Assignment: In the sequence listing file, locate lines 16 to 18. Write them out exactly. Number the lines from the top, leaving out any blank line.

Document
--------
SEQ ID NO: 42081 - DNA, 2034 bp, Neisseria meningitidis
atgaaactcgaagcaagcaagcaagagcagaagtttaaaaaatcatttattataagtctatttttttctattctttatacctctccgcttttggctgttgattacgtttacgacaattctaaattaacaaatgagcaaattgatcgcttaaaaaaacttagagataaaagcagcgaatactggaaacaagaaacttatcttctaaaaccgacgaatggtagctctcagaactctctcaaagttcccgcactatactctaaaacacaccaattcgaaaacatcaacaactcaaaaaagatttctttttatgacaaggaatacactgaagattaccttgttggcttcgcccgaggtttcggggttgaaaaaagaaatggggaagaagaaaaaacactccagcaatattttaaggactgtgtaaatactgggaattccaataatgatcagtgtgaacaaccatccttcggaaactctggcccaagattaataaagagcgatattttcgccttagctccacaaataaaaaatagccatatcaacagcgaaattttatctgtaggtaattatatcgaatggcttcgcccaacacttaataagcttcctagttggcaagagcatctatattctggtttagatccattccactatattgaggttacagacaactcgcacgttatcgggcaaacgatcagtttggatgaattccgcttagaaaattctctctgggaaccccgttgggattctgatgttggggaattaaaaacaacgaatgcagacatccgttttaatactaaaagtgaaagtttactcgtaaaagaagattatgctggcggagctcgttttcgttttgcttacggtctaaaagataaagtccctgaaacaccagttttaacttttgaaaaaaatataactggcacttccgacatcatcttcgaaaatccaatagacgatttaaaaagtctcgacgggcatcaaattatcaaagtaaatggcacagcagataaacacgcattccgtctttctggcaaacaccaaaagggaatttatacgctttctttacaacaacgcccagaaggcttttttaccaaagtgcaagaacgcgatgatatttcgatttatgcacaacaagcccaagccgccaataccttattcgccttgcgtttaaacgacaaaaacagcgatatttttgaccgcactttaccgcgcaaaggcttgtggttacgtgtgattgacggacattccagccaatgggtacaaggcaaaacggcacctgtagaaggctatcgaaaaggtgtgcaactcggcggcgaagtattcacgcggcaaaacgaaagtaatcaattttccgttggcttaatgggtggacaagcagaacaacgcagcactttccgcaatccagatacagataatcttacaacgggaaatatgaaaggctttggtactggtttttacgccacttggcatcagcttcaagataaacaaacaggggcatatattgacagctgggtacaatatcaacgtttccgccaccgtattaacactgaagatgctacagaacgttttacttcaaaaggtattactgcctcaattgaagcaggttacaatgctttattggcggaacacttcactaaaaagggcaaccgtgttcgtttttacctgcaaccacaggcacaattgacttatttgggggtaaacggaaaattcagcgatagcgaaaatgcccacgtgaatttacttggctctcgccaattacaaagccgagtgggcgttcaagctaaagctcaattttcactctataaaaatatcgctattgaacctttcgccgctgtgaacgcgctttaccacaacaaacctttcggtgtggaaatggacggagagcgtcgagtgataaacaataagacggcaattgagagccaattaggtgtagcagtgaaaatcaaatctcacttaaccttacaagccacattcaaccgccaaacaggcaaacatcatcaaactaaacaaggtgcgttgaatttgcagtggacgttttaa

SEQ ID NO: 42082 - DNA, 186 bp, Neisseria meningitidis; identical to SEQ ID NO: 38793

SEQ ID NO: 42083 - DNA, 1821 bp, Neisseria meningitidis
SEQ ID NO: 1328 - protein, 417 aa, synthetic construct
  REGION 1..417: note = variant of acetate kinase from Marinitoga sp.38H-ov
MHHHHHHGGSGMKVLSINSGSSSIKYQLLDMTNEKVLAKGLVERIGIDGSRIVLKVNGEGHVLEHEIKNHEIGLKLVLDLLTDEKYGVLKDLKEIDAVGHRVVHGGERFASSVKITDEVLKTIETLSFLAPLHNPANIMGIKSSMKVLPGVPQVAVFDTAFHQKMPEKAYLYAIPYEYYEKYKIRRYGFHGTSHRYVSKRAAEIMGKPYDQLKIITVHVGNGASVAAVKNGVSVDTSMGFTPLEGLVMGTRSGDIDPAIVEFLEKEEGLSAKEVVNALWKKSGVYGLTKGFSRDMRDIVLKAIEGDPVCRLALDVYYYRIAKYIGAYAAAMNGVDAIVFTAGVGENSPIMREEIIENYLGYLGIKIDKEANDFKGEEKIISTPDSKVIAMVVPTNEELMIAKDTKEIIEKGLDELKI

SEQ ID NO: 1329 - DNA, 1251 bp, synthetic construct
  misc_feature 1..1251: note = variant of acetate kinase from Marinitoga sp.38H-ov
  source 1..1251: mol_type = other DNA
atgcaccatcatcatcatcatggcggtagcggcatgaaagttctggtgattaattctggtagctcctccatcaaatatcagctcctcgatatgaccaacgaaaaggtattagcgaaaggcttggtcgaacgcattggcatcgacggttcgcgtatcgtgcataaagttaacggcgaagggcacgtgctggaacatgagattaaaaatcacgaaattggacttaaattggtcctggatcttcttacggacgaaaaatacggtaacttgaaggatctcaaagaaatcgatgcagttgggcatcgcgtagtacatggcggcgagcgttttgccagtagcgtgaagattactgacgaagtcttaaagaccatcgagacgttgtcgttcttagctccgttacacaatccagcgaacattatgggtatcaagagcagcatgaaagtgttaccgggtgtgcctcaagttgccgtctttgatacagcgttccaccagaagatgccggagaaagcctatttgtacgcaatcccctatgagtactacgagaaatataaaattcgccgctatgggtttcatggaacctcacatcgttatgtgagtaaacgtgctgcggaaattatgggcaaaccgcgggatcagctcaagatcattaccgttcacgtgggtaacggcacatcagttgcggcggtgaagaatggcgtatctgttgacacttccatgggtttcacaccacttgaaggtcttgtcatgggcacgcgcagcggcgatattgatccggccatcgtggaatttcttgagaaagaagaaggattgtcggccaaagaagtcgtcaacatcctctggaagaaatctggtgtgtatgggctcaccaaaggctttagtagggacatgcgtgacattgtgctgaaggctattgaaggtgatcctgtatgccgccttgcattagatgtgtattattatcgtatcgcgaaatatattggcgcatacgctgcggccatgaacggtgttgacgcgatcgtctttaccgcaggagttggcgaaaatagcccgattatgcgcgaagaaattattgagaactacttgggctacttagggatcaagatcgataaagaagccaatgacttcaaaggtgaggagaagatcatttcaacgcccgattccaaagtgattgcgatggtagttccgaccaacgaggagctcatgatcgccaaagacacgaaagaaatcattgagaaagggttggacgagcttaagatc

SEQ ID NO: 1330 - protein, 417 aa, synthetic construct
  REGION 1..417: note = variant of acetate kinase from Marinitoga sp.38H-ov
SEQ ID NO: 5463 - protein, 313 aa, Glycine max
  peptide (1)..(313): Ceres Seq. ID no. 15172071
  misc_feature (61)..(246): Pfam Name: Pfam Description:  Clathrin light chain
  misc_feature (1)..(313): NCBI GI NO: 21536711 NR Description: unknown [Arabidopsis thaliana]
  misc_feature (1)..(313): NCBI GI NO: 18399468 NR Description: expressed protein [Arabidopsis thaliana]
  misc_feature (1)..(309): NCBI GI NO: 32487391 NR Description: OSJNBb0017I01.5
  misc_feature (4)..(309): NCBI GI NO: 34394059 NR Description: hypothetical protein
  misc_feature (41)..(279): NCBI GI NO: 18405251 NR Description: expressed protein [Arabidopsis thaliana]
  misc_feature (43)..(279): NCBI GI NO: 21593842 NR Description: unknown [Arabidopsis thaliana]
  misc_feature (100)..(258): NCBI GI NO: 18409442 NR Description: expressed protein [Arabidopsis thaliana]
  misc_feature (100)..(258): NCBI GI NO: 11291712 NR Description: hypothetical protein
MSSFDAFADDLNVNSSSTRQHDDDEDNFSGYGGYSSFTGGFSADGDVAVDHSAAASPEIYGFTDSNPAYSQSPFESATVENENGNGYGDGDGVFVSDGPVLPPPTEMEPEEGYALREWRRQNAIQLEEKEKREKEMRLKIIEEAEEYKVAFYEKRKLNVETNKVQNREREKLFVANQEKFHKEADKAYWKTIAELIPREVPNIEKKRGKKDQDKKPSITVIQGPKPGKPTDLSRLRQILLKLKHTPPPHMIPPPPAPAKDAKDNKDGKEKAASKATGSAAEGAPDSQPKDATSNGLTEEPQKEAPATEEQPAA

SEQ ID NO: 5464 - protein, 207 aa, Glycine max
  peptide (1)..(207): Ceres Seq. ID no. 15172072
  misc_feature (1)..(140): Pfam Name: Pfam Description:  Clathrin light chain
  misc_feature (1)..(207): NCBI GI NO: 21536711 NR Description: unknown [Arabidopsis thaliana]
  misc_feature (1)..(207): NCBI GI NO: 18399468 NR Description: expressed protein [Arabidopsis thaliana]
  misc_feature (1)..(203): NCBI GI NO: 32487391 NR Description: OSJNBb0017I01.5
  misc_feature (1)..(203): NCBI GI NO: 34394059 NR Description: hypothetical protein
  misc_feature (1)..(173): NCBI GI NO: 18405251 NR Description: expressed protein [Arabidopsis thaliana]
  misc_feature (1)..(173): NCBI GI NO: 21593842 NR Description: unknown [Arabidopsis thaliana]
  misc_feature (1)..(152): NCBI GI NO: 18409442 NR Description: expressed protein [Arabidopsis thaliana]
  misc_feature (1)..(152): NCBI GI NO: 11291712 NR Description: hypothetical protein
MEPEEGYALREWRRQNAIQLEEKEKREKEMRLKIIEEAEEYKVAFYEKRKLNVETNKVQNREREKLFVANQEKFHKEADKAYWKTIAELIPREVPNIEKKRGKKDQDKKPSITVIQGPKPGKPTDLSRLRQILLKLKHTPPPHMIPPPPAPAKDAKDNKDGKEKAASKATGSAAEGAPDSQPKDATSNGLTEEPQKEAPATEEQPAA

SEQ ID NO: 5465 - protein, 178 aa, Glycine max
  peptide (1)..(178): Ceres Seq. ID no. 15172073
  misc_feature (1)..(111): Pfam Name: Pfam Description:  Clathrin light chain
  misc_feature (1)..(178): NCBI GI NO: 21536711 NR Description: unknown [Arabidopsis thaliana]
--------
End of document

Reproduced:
  misc_feature (61)..(246): Pfam Name: Pfam Description:  Clathrin light chain
  misc_feature (1)..(313): NCBI GI NO: 21536711 NR Description: unknown [Arabidopsis thaliana]
  misc_feature (1)..(313): NCBI GI NO: 18399468 NR Description: expressed protein [Arabidopsis thaliana]